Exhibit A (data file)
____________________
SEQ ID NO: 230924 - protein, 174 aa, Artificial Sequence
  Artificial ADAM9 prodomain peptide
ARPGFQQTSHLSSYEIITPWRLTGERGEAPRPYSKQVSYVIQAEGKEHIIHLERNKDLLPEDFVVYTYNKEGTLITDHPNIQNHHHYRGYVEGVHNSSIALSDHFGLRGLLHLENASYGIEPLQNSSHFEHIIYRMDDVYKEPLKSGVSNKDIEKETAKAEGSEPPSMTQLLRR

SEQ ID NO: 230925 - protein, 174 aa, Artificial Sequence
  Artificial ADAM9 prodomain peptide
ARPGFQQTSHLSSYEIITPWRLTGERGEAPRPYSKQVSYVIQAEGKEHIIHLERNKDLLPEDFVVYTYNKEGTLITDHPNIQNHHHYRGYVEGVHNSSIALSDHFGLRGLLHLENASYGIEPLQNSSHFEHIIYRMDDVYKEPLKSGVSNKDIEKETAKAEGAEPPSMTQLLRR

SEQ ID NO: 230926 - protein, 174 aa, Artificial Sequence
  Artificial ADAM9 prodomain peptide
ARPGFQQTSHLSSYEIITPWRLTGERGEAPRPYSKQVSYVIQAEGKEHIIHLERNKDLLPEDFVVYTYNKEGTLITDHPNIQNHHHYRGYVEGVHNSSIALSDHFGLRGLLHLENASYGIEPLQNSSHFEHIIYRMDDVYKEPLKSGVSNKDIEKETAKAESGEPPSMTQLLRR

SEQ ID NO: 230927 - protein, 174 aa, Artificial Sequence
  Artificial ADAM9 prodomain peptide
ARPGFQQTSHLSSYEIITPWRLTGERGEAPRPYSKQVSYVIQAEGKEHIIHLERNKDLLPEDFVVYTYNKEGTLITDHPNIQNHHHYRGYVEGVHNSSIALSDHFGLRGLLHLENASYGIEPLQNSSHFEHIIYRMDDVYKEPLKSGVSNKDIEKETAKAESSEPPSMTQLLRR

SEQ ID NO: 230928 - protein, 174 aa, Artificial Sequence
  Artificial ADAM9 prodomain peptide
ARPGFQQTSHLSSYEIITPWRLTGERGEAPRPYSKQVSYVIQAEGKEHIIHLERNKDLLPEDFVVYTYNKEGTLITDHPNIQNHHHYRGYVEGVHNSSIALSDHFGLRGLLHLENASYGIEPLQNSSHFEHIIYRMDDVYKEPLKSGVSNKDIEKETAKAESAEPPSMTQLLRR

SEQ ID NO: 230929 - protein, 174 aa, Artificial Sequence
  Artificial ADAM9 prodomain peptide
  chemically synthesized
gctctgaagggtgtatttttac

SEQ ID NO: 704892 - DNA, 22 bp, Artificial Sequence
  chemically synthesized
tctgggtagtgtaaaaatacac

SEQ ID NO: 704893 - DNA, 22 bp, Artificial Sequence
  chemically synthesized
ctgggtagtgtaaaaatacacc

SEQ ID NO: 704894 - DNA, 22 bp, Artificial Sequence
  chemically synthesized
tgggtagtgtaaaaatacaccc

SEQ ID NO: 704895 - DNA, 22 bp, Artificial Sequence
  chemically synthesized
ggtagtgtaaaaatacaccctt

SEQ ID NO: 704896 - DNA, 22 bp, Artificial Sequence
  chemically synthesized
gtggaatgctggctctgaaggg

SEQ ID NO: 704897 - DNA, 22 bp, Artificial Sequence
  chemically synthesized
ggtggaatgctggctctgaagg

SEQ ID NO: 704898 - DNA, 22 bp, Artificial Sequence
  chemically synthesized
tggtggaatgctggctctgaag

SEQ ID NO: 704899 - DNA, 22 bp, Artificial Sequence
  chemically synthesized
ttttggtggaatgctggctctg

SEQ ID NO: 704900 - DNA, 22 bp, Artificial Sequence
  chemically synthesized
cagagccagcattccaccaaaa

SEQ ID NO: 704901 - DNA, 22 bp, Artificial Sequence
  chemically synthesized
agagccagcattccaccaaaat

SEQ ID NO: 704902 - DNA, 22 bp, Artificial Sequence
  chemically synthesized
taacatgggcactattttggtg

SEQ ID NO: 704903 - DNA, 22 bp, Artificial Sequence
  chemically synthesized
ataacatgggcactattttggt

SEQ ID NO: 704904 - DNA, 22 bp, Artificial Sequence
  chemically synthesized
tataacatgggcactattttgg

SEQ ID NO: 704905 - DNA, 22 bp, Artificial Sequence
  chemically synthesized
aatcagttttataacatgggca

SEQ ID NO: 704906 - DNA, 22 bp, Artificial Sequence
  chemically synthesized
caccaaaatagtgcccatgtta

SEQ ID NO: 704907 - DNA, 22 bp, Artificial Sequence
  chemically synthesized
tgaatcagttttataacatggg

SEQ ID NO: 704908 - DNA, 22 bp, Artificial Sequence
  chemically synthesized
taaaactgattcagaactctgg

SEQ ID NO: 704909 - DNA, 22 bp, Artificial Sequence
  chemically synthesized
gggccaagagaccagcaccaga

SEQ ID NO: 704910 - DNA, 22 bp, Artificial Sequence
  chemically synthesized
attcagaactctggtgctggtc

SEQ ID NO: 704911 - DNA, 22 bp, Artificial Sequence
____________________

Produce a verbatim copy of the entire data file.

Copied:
SEQ ID NO: 230924 - protein, 174 aa, Artificial Sequence
  Artificial ADAM9 prodomain peptide
ARPGFQQTSHLSSYEIITPWRLTGERGEAPRPYSKQVSYVIQAEGKEHIIHLERNKDLLPEDFVVYTYNKEGTLITDHPNIQNHHHYRGYVEGVHNSSIALSDHFGLRGLLHLENASYGIEPLQNSSHFEHIIYRMDDVYKEPLKSGVSNKDIEKETAKAEGSEPPSMTQLLRR

SEQ ID NO: 230925 - protein, 174 aa, Artificial Sequence
  Artificial ADAM9 prodomain peptide
ARPGFQQTSHLSSYEIITPWRLTGERGEAPRPYSKQVSYVIQAEGKEHIIHLERNKDLLPEDFVVYTYNKEGTLITDHPNIQNHHHYRGYVEGVHNSSIALSDHFGLRGLLHLENASYGIEPLQNSSHFEHIIYRMDDVYKEPLKSGVSNKDIEKETAKAEGAEPPSMTQLLRR

SEQ ID NO: 230926 - protein, 174 aa, Artificial Sequence
  Artificial ADAM9 prodomain peptide
ARPGFQQTSHLSSYEIITPWRLTGERGEAPRPYSKQVSYVIQAEGKEHIIHLERNKDLLPEDFVVYTYNKEGTLITDHPNIQNHHHYRGYVEGVHNSSIALSDHFGLRGLLHLENASYGIEPLQNSSHFEHIIYRMDDVYKEPLKSGVSNKDIEKETAKAESGEPPSMTQLLRR

SEQ ID NO: 230927 - protein, 174 aa, Artificial Sequence
  Artificial ADAM9 prodomain peptide
ARPGFQQTSHLSSYEIITPWRLTGERGEAPRPYSKQVSYVIQAEGKEHIIHLERNKDLLPEDFVVYTYNKEGTLITDHPNIQNHHHYRGYVEGVHNSSIALSDHFGLRGLLHLENASYGIEPLQNSSHFEHIIYRMDDVYKEPLKSGVSNKDIEKETAKAESSEPPSMTQLLRR

SEQ ID NO: 230928 - protein, 174 aa, Artificial Sequence
  Artificial ADAM9 prodomain peptide
ARPGFQQTSHLSSYEIITPWRLTGERGEAPRPYSKQVSYVIQAEGKEHIIHLERNKDLLPEDFVVYTYNKEGTLITDHPNIQNHHHYRGYVEGVHNSSIALSDHFGLRGLLHLENASYGIEPLQNSSHFEHIIYRMDDVYKEPLKSGVSNKDIEKETAKAESAEPPSMTQLLRR

SEQ ID NO: 230929 - protein, 174 aa, Artificial Sequence
  Artificial ADAM9 prodomain peptide
  chemically synthesized
gctctgaagggtgtatttttac

SEQ ID NO: 704892 - DNA, 22 bp, Artificial Sequence
  chemically synthesized
tctgggtagtgtaaaaatacac

SEQ ID NO: 704893 - DNA, 22 bp, Artificial Sequence
  chemically synthesized
ctgggtagtgtaaaaatacacc

SEQ ID NO: 704894 - DNA, 22 bp, Artificial Sequence
  chemically synthesized
tgggtagtgtaaaaatacaccc

SEQ ID NO: 704895 - DNA, 22 bp, Artificial Sequence
  chemically synthesized
ggtagtgtaaaaatacaccctt

SEQ ID NO: 704896 - DNA, 22 bp, Artificial Sequence
  chemically synthesized
gtggaatgctggctctgaaggg

SEQ ID NO: 704897 - DNA, 22 bp, Artificial Sequence
  chemically synthesized
ggtggaatgctggctctgaagg

SEQ ID NO: 704898 - DNA, 22 bp, Artificial Sequence
  chemically synthesized
tggtggaatgctggctctgaag

SEQ ID NO: 704899 - DNA, 22 bp, Artificial Sequence
  chemically synthesized
ttttggtggaatgctggctctg

SEQ ID NO: 704900 - DNA, 22 bp, Artificial Sequence
  chemically synthesized
cagagccagcattccaccaaaa

SEQ ID NO: 704901 - DNA, 22 bp, Artificial Sequence
  chemically synthesized
agagccagcattccaccaaaat

SEQ ID NO: 704902 - DNA, 22 bp, Artificial Sequence
  chemically synthesized
taacatgggcactattttggtg

SEQ ID NO: 704903 - DNA, 22 bp, Artificial Sequence
  chemically synthesized
ataacatgggcactattttggt

SEQ ID NO: 704904 - DNA, 22 bp, Artificial Sequence
  chemically synthesized
tataacatgggcactattttgg

SEQ ID NO: 704905 - DNA, 22 bp, Artificial Sequence
  chemically synthesized
aatcagttttataacatgggca

SEQ ID NO: 704906 - DNA, 22 bp, Artificial Sequence
  chemically synthesized
caccaaaatagtgcccatgtta

SEQ ID NO: 704907 - DNA, 22 bp, Artificial Sequence
  chemically synthesized
tgaatcagttttataacatggg

SEQ ID NO: 704908 - DNA, 22 bp, Artificial Sequence
  chemically synthesized
taaaactgattcagaactctgg

SEQ ID NO: 704909 - DNA, 22 bp, Artificial Sequence
  chemically synthesized
gggccaagagaccagcaccaga

SEQ ID NO: 704910 - DNA, 22 bp, Artificial Sequence
  chemically synthesized
attcagaactctggtgctggtc

SEQ ID NO: 704911 - DNA, 22 bp, Artificial Sequence